You should always use an unscented, liquid based, color-free detergent to wash your quilt, and refrain from using any detergent that contains a fabric softener. Fabric softeners and the scents and dyes in regular detergents can damage the fibres in the fabric and so should be avoided.
Whatever you do, never use bleach on your quilt! This will certainly ruin the color and will also damage the fibres in the fabric.
The best way to wash a quilt
If it is a quilt bought from a shop then you should first check to see if there are washing instructions on the packet or on a label attached to the quilt and follow those directions closely. For hand-made quilts then there will be no tag and hence the following instructions will work in most cases.
For regular quilts with 100% cotton based fabrics, the following process is a reliable way to get a safe clean wash:
- Fill the washing machine with warm water (never hot!) and while you wait read the instructions on the detergent bottle to work out how much detergent you need to use.
- Add the detergent to the washing machine while the water is filling up, but before you put the quilt in the machine!
- Stir the water to ensure that the detergent is fully dissolved and there are no parts of pure detergent that could get stuck on the fabric.
- Put the quilt in the machine and select a regular warm/cold water wash cycle.
- Once the wash cycle is complete, put the machine on again for a regular cold/cold water wash cycle, but this time don’t add any detergent. This makes double sure that there are no traces of detergent left that may otherwise damage the strands of the fabric.
Once you have finished washing your quilt you will need to dry it. For most well-made quilts with good quality fabric it is usually safe to just throw the quilt in the tumble drier on a regular hot cycle like you would with your clothes.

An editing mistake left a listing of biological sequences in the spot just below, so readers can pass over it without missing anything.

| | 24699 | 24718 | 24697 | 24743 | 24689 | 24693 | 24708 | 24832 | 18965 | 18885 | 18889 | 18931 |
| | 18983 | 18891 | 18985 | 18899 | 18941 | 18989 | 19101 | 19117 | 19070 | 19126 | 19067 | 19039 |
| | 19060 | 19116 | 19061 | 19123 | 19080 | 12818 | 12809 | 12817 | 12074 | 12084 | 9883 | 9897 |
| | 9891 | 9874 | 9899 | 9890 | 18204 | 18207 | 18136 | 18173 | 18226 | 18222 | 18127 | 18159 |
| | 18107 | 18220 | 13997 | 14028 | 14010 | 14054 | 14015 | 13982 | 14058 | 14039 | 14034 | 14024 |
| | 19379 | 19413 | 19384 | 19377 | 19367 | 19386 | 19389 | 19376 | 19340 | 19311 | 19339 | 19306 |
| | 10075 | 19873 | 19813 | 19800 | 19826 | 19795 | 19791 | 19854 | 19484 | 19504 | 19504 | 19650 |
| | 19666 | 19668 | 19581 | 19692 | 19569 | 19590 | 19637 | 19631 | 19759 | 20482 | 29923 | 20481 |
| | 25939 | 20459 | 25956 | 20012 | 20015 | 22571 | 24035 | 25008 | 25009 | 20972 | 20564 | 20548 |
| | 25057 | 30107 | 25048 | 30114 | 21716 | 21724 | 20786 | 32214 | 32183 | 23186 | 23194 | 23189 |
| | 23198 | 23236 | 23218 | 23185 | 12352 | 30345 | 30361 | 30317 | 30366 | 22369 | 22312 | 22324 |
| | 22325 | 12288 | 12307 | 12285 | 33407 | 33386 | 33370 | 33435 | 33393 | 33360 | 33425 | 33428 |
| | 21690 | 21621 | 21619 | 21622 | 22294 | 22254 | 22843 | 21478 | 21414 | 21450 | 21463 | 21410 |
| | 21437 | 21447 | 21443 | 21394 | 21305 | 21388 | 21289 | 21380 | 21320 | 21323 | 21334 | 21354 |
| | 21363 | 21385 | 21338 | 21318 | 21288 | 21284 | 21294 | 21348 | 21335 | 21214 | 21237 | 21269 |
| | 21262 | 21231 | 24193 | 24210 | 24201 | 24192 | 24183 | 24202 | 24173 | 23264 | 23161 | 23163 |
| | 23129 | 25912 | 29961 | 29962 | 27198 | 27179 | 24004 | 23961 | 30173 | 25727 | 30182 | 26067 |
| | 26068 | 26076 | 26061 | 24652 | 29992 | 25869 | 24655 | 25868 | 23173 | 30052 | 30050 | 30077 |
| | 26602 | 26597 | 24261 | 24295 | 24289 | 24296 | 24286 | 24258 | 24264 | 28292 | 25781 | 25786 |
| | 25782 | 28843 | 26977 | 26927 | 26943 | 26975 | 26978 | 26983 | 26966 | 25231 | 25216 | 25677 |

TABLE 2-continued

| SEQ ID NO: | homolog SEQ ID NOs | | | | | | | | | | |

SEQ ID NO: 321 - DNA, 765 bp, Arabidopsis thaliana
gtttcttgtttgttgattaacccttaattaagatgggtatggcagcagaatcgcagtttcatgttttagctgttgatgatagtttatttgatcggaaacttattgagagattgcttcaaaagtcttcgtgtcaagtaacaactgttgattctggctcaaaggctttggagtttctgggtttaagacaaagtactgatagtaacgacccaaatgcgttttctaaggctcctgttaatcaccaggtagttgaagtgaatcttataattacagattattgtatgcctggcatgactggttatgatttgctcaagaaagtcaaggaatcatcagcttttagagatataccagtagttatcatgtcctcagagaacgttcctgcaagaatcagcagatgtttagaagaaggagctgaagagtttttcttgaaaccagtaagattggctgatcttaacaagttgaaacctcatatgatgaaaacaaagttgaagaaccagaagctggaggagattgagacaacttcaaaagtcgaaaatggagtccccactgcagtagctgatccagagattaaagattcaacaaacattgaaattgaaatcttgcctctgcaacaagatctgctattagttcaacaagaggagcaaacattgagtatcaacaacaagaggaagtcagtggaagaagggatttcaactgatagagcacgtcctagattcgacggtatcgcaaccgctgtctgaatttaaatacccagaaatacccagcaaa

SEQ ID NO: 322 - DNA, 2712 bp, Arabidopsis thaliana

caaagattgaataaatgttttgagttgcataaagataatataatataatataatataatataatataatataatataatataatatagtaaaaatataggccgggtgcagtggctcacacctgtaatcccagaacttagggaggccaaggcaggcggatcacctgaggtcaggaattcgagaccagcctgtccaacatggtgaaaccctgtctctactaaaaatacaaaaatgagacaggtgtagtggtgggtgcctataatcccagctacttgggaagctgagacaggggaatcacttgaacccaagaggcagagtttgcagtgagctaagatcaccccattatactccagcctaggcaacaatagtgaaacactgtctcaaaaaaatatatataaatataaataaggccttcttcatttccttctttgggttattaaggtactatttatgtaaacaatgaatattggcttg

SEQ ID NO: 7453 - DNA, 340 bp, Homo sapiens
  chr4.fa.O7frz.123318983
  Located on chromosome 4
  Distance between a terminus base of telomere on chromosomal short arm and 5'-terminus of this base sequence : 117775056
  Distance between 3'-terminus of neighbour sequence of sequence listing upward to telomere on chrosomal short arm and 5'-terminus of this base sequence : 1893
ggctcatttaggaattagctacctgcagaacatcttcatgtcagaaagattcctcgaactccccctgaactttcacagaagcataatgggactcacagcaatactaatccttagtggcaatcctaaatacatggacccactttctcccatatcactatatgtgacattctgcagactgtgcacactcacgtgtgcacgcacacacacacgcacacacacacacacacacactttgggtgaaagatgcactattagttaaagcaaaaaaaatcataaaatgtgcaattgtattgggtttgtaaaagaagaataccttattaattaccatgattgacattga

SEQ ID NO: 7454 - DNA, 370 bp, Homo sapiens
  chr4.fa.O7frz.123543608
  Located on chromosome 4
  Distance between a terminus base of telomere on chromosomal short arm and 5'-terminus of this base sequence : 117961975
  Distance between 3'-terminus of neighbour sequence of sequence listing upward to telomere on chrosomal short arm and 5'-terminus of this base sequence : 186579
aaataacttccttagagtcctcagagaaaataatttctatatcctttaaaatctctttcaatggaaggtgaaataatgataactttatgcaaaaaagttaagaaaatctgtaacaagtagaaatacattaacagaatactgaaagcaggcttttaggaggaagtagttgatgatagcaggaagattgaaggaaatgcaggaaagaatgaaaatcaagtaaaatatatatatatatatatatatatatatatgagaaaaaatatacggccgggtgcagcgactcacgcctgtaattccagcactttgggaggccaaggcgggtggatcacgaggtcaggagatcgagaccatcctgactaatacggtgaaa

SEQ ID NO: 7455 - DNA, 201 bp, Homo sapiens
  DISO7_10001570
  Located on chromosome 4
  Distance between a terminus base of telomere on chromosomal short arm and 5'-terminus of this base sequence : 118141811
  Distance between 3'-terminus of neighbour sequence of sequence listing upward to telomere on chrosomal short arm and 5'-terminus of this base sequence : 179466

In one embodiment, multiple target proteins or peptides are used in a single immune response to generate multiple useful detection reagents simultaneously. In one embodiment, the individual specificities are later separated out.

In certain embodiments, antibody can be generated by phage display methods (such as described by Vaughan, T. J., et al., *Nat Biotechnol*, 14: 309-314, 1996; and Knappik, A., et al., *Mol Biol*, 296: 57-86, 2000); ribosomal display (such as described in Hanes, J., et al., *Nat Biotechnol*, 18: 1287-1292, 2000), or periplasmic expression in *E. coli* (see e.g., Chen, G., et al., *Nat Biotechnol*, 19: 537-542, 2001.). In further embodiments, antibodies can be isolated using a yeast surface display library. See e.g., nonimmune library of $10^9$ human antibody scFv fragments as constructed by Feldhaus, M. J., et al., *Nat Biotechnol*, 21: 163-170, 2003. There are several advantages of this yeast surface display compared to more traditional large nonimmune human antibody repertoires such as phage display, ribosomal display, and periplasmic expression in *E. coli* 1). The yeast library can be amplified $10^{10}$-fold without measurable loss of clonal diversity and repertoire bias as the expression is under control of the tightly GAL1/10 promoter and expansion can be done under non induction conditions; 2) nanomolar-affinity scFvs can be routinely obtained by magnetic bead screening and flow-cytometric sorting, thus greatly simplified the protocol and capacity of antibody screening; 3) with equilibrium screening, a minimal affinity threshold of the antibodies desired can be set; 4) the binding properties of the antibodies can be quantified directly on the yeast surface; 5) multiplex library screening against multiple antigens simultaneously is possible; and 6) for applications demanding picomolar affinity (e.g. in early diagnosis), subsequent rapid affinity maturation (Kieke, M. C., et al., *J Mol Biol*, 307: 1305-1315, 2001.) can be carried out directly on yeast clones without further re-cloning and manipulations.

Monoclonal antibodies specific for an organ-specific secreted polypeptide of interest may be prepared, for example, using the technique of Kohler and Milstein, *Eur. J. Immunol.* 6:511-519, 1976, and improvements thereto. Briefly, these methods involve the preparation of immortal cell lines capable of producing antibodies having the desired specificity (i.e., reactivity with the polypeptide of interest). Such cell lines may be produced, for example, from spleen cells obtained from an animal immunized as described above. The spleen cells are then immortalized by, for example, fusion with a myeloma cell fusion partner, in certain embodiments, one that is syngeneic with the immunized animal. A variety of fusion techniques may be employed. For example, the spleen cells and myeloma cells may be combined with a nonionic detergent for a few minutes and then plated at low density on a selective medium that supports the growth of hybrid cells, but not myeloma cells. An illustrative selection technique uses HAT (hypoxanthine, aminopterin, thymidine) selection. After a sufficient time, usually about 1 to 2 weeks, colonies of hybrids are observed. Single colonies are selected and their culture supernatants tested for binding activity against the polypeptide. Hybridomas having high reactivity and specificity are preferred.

If the quilt is made with particularly delicate material then you may be more comfortable drying it naturally in the air. Make sure you are careful to avoid direct sunlight however as this can fade the colors in the fabric of the quilt. Never wring out a quilt as this places unnecessary strain on the fabric and may cause permanent creasing.
Hand washing a quilt
Hand washing is also an option for particularly sensitive quilts or for fabrics that are not cotton based. It is best to use a large bath-tub to do this, making sure that the detergent is fully dissolved first and then stirring the quilt gently with your hands. Be aware that hand washing a quilt can be a lot of hard work, so unless you really feel strongly about it you might be better off just using the machine!
Remember again, if you are making your own quilts, try to choose cotton fabrics or fabrics made of pure cotton or with a high cotton percentage. Choosing the right fabric to begin with will help preserve the longevity of the quilt. You will also be happier about using it on a daily basis. When you are comfortable with washing your quilt you will have the peace of mind that you can keep it clean and in good condition for years to come!
Please note: these guidelines are not intended for antique quilts or quilts that are not in good condition!